Playboy, January 1967
Jules Feiffer first began to publish his distinctive cartoon strips in “The Village Voice” in 1956 and the newspaper would remain one of his primary venues for 30 or more years. At first Feiffer gave the strip to the paper for free as a means of advertising his work. One of the first big paying venues to hire Feiffer for other work was “Playboy” in 1958. Feiffer's work in “Playboy” has largely been forgotten but it’s just as good as the “Village Voice” strips and “Playboy” let him experiment with longer pieces, drama and stories .
Feiffer’s cartoon work stands out because he used the strip format for monologues and two-handers exploring sexual and political relations. Comic strip characters don’t usually exist solely to express contemporary dissatisfaction, resentment, neediness, conflicted emotions, neuroses and ideologies. Yet for all the crippling personal doubt, inadequacy and demonstrations of impotence in all its forms, Feiffer’s characters never seem to have any doubts about their sexuality. Similarly, for all the insults that get thrown about by his arguing partners, “faggot” or “queer” never crop up either. Homosexuality as an individual condition or a social phenomenon doesn’t make much appearance in his “Village Voice” strips.
One of the recurring features by Feiffer in the 1960s is his strip “Hostileman” in “Playboy” which ran for 6 instalments from 1964 to 1969. It features Bernard Mergendeiler, the generic adequate everyman from many of Feiffers’ Village Voice strips. Usually Bernard is pushed around and is incapable of expressing his needs or his resulting anger. In a parody of Captain Marvel who becomes a superhero by uttering the magic word “Shazam”, when the emasculated Bernard says “Hurt”, expressing his repressed desire for revenge, he is transformed into his secret identity of “Hostileman” and is able to gain the upper hand over his opponent, usually a girlfriend or his mother.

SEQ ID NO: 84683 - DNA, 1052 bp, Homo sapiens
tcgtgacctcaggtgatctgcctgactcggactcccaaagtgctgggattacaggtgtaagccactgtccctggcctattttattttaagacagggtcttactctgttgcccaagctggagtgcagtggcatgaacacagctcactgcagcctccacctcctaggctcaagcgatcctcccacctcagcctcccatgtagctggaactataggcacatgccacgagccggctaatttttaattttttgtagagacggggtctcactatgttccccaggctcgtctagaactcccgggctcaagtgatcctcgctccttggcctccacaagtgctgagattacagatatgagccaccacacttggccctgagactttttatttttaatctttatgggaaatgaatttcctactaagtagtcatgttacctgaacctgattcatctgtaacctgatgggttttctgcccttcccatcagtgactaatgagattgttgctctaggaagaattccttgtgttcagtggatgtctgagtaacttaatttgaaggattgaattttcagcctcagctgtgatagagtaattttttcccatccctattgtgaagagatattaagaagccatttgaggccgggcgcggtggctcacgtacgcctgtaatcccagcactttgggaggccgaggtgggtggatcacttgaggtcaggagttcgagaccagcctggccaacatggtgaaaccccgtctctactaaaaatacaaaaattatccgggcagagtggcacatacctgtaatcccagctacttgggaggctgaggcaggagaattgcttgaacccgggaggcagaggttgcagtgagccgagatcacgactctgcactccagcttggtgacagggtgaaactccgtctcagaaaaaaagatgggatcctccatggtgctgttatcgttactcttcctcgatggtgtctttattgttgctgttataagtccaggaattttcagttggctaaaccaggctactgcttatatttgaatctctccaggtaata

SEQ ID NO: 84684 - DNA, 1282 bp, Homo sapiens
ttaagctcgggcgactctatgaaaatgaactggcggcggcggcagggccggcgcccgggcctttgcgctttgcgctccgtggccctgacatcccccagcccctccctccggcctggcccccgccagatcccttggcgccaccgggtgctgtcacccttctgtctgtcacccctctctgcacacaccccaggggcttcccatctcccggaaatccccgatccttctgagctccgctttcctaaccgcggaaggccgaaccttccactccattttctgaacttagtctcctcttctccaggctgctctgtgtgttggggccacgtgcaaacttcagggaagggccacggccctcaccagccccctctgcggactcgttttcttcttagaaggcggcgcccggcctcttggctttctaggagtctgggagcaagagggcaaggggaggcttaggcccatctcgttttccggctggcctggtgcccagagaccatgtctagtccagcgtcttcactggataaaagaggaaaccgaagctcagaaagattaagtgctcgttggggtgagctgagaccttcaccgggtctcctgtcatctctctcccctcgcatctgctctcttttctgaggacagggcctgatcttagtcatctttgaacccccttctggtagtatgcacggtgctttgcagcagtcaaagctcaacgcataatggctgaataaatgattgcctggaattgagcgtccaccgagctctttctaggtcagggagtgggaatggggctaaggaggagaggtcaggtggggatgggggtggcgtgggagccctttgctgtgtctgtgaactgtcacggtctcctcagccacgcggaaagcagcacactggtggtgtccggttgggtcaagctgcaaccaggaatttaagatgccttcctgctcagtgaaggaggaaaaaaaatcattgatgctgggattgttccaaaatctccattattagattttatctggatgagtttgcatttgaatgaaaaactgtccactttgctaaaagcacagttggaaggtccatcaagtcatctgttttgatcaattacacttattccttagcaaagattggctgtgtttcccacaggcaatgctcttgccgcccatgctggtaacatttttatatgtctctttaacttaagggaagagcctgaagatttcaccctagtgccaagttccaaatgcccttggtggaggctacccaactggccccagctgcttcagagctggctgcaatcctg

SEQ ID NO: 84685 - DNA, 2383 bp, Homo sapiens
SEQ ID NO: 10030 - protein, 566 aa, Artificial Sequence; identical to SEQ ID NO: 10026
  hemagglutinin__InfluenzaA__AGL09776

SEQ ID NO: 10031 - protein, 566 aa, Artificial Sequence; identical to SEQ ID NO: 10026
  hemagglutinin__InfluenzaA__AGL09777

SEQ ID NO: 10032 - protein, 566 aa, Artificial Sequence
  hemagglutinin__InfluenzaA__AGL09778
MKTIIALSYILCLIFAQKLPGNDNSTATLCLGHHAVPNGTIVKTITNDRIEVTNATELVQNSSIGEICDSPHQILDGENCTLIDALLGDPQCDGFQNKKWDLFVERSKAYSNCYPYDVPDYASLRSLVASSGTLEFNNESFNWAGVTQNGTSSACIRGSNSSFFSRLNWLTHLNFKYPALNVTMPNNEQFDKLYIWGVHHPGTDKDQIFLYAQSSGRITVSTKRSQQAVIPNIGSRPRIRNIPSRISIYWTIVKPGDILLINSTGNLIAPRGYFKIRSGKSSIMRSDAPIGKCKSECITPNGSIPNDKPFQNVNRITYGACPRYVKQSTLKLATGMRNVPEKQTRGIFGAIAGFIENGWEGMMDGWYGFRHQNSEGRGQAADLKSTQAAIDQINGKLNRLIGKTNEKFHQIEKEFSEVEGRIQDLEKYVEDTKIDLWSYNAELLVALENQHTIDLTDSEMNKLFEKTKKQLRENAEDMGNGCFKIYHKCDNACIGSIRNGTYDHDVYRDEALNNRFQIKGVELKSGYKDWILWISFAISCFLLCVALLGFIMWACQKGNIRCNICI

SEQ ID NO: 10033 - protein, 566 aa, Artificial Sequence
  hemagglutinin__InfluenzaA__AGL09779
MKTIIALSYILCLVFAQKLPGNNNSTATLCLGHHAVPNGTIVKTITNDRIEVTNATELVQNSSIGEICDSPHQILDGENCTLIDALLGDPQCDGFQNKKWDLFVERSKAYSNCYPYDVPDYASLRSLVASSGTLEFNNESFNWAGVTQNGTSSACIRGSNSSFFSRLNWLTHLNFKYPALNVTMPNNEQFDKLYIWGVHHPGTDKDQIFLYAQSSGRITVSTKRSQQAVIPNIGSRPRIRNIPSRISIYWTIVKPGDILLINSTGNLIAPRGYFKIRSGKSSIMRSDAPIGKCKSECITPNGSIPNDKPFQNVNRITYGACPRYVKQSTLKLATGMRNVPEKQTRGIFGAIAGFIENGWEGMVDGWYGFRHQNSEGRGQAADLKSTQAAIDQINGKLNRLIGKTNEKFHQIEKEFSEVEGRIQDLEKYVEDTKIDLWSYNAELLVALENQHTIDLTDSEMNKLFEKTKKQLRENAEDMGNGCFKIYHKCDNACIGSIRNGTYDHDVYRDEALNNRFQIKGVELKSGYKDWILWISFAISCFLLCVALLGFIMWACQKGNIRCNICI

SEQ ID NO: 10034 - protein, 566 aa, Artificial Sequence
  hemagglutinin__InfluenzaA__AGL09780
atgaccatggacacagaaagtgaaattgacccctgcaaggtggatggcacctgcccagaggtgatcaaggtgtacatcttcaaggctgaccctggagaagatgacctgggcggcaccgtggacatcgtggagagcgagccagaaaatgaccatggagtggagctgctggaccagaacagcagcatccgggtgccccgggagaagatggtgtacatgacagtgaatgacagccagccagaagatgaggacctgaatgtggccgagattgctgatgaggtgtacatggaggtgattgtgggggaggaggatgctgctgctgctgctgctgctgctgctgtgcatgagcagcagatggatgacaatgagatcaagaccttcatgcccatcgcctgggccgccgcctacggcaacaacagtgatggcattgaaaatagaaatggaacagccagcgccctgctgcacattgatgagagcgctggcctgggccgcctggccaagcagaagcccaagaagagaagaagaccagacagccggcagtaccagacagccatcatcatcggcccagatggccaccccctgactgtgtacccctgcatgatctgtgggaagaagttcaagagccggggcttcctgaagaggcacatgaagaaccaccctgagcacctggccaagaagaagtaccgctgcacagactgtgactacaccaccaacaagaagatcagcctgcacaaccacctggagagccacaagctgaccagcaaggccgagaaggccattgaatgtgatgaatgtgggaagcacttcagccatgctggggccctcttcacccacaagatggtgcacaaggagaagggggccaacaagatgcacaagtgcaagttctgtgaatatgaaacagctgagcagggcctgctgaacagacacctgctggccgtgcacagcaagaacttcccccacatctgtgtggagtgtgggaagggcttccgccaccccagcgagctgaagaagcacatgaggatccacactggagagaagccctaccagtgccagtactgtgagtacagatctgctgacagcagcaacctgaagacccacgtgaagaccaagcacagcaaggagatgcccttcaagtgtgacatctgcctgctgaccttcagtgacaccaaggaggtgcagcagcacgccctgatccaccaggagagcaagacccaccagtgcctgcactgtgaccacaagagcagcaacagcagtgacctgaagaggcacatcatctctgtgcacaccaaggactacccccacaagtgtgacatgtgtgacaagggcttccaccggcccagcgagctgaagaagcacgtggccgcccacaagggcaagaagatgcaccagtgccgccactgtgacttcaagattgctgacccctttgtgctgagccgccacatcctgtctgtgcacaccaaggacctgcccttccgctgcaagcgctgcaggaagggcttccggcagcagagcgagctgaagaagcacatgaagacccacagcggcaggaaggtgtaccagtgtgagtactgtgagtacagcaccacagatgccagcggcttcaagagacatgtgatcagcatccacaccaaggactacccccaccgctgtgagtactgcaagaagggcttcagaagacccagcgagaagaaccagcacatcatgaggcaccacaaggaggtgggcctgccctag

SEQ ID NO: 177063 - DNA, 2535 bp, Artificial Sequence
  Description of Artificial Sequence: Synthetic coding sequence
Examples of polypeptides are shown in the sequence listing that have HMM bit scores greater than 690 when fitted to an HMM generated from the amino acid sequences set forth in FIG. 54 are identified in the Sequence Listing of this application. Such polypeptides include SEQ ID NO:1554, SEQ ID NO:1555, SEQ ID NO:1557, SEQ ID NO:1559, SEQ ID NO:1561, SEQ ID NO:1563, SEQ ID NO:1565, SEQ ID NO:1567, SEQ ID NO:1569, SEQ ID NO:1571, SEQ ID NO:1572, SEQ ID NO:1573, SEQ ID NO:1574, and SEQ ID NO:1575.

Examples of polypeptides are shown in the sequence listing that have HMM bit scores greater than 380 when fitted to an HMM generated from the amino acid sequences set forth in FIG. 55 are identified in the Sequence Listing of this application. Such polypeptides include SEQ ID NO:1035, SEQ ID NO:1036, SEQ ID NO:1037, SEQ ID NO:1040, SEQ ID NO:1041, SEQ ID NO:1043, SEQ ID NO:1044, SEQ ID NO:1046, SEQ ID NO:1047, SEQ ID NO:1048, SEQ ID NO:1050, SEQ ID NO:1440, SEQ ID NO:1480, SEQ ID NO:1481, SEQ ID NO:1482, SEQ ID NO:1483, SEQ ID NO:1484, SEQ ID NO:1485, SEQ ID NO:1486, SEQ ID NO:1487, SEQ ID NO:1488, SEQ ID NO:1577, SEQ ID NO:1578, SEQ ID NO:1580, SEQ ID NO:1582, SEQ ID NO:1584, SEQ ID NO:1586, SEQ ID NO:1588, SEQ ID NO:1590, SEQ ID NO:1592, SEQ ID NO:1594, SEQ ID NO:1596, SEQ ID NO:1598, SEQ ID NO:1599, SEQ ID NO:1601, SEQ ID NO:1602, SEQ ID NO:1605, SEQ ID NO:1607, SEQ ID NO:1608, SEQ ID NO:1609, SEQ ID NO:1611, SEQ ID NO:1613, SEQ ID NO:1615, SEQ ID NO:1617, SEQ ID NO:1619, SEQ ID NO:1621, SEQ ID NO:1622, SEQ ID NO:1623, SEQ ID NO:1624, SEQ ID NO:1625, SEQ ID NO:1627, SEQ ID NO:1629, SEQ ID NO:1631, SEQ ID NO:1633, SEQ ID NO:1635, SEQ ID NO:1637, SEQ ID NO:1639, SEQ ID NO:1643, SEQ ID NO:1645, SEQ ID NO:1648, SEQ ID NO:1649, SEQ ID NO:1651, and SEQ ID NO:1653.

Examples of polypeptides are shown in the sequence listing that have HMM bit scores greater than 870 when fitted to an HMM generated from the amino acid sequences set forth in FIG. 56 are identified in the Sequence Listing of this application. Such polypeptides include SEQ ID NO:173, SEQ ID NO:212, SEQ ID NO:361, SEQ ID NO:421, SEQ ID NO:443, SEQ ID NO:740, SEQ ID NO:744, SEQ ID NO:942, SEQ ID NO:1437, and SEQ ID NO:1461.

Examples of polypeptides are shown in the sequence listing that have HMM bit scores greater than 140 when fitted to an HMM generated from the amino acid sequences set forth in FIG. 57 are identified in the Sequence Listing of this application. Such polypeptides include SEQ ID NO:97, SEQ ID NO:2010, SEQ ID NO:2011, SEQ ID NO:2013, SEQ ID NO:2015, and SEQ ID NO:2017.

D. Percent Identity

This one is inspired by the post-1965 new popularity of “camp” as the new style, which in the context of Feiffer-world is just a new way of making Bernard feel inferior. So you get “Chic Man” aka Tony In and his coterie of clones. The new mandates of fashion come from obvious homosexuals, which goes hand-in-hand with the fact that homosexuality and homosexuals are now slightly more conspicuous socially as the topic of assorted social analyses in magazines in “Life” and “Time” and an increase in sly homophobic digs in columns in newspapers like “The New York Times”. Note that “chic man” and co all have blond hair or platinum blond Caesar cuts, which is an American cliché of the time. There’s a profusion of wrists limp to the point of being perpendicular, and the tight striped suits are de mode.
Somewhat daring is the sequence at the top of page 4 in which Bernard gets cruised in a lavatory, a relatively early instance of acknowledging and joking about this aspect of gay life. Not one of those things people talk about. Near-contemporary sixties satirical types like Lenny Bruce and Barry Humphries treat the matter of cottaging via the aspect of the injustice of police entrapment. Here, there’s no distance, it’s just a preening winsome gay man having a bit of a leer. Note too the kicked back heel in the upper right column as he looks back into the toilet.